Fatah-Hamas Rift Must Be Resolved at Ballot Box : Erekat

In the interview, Erekat evaluated recent developments in the Palestinian political arena, including ongoing efforts to reconcile with resistance movement Hamas — which has run the Gaza Strip since 2007 — through the establishment of a unity government with possible Turkish mediation.

Erekat stressed the Palestinian leadership’s insistence on going to the UN Security Council — and UNESCO — with a view to securing a resolution against illegal Israeli settlement-building and the issue of Jerusalem.

The Palestinian leadership, he said, also intends to push for full UN membership.

Erekat also expressed hope that France would soon hold an international conference devoted to ending Israel’s decades-long occupation.

Palestinian rift

When asked about the years-long rift between Fatah (which leads the Palestine Liberation Organization) and Hamas, Erekat noted that reconciliation talks between the two had been held in February in Doha.

“What we want to achieve now is a national unity government based on a PLO program — that includes Hamas — so that we might go back to the ballot box,” he said.

“We must resolve our differences with ballots, not bullets,” he stressed. “We’re offering to establish a national unity government with Hamas before holding presidential and legislative elections, because that’s the only way to achieve reconciliation.”


Israel is exploiting Palestinian internal divisions, Erekat said, “to destroy the notion of a two-state solution”.

The Jewish state, he went on, wants “one state with two systems” in Jerusalem and the West Bank — a situation he described as “apartheid” — while maintaining its decade-long blockade of the Gaza Strip.

Regarding the recent agreement between Turkey and Israel normalizing relations after a six-year hiatus, Erekat noted that Ankara’s relations with Israel dated back to 1948 and that Turkey saw the Palestinian cause as a “domestic” rather than an “international” issue.

He went on to stress, however, that Turkey had always supported the Palestinian people and recognized the Palestinian state with a full-fledged embassy in Ankara.

“We’re counting on Turkey to continue [its support] by utilizing its international relations,” Erekat said.

In order to defeat the Daesh terrorist group, Erekat said, “peace is essential” by ending Israel’s occupation and establishing a Palestinian state — along 1967 borders and with Jerusalem as its capital — and promoting good governance, rule of law, accountability and human rights in the Middle East.

“The real threat we face in the Middle East today is demography,” he said. “Some 55 percent of our population is less than 20 years old.”

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“We must reconsider our educational, economic and social structures, because democracy and peace are the combination by which we can defeat [Daesh] and other extremists,” Erekat asserted.




Regarding imminent presidential elections in the U.S. and whether a new U.S. president would bring a new approach to Middle East peace, Erekat said: “I hope the day will come when we as Arabs and Muslims speak to the U.S. in the language of interests. This is the language they [the U.S. administration] understand.”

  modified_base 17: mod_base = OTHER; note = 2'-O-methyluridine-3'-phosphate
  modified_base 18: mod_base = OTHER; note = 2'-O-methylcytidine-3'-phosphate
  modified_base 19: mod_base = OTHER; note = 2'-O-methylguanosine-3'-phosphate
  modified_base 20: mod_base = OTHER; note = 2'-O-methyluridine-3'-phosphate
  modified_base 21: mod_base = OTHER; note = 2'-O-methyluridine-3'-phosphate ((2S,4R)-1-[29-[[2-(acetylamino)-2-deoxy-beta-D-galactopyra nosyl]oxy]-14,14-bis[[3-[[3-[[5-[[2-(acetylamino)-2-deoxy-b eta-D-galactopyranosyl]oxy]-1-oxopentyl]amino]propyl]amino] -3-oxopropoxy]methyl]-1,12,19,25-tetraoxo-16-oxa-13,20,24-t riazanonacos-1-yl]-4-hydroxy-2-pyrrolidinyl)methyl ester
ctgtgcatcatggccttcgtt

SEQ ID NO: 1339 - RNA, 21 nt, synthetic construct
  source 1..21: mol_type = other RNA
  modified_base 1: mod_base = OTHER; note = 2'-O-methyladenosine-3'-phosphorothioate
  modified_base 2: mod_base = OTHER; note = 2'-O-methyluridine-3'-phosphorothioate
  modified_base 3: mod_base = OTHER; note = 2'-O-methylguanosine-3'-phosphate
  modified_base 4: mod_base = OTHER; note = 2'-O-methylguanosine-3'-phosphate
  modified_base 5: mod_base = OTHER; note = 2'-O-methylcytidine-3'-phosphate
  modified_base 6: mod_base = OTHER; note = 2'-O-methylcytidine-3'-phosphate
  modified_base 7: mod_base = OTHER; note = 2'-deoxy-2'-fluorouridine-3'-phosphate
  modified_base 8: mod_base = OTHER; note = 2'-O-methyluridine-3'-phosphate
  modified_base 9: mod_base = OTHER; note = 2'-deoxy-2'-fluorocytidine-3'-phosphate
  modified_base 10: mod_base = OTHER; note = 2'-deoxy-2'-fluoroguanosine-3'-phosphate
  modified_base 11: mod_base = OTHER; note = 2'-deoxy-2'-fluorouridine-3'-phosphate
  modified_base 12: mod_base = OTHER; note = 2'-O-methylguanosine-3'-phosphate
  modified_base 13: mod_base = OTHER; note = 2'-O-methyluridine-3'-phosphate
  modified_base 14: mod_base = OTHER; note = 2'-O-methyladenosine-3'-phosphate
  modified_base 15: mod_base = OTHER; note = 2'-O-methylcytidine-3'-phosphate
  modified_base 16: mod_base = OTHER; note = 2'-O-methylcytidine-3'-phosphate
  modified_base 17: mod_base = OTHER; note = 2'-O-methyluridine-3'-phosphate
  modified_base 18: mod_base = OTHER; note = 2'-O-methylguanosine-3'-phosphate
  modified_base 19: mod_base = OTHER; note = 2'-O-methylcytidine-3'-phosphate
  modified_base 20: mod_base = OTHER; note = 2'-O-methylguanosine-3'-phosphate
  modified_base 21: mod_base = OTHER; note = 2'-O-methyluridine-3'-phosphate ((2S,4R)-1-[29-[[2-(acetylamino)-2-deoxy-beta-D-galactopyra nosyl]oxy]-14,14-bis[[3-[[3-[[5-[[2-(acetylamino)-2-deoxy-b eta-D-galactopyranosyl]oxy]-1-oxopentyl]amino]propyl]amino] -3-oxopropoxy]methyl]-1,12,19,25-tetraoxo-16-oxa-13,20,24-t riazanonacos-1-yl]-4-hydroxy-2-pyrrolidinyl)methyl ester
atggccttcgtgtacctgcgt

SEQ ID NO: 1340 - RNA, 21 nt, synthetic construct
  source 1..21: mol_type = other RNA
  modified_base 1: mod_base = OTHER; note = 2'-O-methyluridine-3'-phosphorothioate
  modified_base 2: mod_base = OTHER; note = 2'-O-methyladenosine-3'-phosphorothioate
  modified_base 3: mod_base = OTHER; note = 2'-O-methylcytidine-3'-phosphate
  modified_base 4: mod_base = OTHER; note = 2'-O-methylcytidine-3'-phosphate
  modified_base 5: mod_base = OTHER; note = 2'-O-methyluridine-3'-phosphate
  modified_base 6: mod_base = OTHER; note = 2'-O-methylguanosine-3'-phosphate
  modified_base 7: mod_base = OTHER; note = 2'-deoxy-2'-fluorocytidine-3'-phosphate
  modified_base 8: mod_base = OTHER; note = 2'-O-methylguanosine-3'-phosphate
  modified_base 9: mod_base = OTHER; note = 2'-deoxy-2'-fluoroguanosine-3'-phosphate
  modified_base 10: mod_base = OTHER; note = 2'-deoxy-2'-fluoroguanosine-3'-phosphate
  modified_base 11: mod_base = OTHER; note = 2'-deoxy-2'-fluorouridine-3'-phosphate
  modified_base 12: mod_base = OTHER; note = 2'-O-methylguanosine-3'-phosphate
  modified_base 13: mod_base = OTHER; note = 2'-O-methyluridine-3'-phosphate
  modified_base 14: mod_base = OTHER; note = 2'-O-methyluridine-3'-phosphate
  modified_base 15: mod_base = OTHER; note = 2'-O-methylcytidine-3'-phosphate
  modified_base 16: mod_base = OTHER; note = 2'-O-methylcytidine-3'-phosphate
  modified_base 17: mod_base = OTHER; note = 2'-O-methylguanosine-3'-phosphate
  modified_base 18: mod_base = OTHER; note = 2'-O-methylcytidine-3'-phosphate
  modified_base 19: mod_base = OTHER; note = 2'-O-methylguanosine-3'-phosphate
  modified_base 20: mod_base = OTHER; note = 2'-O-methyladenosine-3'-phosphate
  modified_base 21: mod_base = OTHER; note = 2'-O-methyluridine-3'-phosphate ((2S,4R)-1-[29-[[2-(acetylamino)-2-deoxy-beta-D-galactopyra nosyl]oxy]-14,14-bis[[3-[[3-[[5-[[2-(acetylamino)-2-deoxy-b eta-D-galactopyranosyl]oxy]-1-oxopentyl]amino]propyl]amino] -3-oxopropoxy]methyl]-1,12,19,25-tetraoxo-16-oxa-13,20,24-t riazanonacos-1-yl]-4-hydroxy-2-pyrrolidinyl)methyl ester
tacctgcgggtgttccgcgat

“What do we have today?” he asked. “Washington is in Damascus, Moscow is in Damascus, London is in Damascus, Berlin is in Damascus. They’re not on a picnic there.”

He added: “They’re there because they know that the [post-World War I] Sykes-Picot system is in a state of collapse and that a new map, a new order, is coming into being in the Middle East.”

“What are we doing as Arabs and Muslims?” he went on. “We’re telling the Americans that without reinstating Palestine back on the map, you can’t have stability in the region.”

“What’s the difference between a murderer who slits the throat of a western journalist in Iraq or Syria and a murderer who burns 18-month-old [Palestinian] toddler Ali Dawabsheh alive — along with his mother and father — in [the West Bank city of] Nablus?” Erekat asked.

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“If the U.S. believes it can defeat extremism by force alone, it is wrong,” he said.

Erekat also stressed that, before the end of 2016, France — through its Middle East peace initiative — must mobilize the international community to find a solution to the perennial Israel-Palestine dispute, which, he said, “is a two-state solution; a state of Palestine living side by side with the state of Israel based on 1967 lines”.

Commenting on UNESCO’s recent adoption of a resolution denying a Jewish connection to Jerusalem’s Al-Aqsa Mosque complex (Haram al-Sharif), Erekat said this was “nothing new”, citing a committee drawn up by the League of Nations in 1930 that concluded that the site was a “solely Muslim” one.

Regarding Turkey’s July 15 coup attempt, Erekat praised the Turkish people’s role in foiling the putsch.

“A strong Turkey means a strong Palestine,” he asserted. “A strong Turkey means a strong Middle East and a strong Arab nation.” (T/R07/R01)

Mi’raj Islamic News Agency (MINA)